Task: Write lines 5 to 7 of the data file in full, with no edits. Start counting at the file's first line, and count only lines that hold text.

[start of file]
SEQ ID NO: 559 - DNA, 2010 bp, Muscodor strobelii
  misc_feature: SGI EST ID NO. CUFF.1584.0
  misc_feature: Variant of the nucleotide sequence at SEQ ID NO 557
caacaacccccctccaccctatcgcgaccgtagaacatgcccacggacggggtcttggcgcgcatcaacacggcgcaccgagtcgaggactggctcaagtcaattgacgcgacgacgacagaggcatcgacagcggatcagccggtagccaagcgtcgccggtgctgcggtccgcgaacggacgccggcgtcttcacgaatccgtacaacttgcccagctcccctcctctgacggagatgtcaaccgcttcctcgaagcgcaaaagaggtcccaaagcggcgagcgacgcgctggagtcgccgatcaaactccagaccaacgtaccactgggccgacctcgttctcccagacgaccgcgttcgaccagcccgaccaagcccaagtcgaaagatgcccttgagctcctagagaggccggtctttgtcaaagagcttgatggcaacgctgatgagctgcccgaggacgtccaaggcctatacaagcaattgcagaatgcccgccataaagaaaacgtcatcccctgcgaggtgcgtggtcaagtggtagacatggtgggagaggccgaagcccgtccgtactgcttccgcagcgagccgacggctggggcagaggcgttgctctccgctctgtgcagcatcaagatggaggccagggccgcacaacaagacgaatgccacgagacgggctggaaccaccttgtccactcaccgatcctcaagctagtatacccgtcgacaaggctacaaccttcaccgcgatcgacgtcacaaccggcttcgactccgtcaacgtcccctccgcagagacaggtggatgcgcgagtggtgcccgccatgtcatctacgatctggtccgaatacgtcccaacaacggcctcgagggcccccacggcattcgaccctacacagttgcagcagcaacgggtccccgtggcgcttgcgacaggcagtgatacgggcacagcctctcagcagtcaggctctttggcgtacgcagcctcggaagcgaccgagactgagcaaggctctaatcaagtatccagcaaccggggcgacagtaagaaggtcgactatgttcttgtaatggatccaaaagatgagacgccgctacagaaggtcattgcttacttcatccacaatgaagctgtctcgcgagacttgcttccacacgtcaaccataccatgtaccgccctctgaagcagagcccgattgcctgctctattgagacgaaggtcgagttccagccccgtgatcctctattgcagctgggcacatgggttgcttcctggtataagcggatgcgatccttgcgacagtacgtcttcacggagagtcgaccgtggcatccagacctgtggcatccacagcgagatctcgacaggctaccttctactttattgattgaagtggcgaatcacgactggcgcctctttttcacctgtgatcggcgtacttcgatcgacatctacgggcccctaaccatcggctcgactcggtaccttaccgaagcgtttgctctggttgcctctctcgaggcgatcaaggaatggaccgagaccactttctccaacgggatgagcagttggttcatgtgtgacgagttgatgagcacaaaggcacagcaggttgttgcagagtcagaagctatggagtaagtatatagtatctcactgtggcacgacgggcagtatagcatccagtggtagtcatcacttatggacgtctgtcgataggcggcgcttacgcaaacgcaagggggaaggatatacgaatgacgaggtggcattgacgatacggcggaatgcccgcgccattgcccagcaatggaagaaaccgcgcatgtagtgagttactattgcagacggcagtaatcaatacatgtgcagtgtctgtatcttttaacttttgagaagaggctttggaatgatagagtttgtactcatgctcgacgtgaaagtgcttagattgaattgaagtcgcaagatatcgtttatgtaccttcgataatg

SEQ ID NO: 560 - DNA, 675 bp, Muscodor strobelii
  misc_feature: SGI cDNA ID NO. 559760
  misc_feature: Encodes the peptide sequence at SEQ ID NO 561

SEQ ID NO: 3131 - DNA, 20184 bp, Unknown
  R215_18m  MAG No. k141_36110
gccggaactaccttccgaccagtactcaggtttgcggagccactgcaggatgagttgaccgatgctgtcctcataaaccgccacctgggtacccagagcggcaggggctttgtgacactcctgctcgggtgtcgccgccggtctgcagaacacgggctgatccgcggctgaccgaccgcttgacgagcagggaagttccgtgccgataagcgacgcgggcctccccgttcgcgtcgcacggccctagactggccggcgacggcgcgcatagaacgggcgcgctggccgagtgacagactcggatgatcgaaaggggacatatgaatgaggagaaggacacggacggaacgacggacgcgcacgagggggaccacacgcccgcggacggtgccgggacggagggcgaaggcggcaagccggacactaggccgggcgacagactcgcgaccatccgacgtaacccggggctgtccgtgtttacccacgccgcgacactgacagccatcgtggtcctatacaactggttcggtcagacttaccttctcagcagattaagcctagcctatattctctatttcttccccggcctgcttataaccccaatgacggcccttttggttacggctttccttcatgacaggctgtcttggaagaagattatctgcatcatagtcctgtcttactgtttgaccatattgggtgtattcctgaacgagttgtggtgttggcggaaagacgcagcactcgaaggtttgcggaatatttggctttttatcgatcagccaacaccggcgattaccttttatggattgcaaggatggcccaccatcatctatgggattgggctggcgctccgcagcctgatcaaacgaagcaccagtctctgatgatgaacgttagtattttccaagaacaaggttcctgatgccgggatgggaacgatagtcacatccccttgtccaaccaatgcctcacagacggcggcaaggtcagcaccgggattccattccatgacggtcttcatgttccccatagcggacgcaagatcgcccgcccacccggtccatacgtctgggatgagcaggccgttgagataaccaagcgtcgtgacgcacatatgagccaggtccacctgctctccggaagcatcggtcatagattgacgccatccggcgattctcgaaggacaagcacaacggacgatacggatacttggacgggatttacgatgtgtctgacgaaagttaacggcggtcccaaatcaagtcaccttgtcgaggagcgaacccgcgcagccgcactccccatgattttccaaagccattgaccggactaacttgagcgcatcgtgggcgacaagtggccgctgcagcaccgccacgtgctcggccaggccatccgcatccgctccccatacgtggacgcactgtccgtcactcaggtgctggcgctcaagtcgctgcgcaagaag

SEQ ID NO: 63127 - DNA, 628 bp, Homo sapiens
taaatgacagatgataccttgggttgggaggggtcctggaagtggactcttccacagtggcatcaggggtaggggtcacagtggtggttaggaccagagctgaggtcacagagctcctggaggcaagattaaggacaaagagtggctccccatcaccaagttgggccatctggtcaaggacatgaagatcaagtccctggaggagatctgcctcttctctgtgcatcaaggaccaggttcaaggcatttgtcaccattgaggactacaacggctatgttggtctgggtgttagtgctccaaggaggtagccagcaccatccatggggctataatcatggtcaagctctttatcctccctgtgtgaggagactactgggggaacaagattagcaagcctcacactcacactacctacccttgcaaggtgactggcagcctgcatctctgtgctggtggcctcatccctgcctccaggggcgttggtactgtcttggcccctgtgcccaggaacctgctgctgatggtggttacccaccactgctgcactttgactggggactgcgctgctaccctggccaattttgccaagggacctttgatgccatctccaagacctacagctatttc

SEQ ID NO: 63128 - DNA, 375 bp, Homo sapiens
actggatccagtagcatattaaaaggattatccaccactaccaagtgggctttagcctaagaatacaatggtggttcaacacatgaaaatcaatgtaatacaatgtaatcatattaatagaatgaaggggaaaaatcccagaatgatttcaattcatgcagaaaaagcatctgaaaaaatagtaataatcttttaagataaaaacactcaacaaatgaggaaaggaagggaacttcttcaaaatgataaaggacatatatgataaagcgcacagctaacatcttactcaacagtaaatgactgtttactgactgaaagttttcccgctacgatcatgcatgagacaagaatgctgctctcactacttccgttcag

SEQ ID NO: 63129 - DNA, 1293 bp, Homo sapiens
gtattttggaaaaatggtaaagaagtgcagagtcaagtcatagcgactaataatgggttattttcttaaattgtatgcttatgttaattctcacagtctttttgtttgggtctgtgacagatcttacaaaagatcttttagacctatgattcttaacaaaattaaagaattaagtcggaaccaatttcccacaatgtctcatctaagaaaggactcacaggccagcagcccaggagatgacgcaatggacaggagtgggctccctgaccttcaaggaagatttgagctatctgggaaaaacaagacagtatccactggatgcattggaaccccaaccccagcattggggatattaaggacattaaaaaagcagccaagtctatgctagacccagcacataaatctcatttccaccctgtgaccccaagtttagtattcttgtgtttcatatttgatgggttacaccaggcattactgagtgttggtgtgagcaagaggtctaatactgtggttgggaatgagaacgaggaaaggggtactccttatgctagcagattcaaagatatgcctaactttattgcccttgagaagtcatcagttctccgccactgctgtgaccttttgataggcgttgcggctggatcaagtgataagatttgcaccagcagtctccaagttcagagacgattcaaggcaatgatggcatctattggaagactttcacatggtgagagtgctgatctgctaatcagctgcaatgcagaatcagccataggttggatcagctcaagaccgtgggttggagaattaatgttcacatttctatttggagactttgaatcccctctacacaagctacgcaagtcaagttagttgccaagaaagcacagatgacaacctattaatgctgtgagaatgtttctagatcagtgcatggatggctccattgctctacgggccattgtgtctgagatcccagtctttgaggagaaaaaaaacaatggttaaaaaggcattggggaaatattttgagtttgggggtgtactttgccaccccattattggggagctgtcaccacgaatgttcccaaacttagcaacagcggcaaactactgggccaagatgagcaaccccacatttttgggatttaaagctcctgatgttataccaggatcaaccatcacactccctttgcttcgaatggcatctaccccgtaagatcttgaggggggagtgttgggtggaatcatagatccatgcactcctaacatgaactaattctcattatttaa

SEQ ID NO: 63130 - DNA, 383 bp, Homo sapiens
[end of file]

SEQ ID NO: 560 - DNA, 675 bp, Muscodor strobelii
  misc_feature: SGI cDNA ID NO. 559760
  misc_feature: Encodes the peptide sequence at SEQ ID NO 561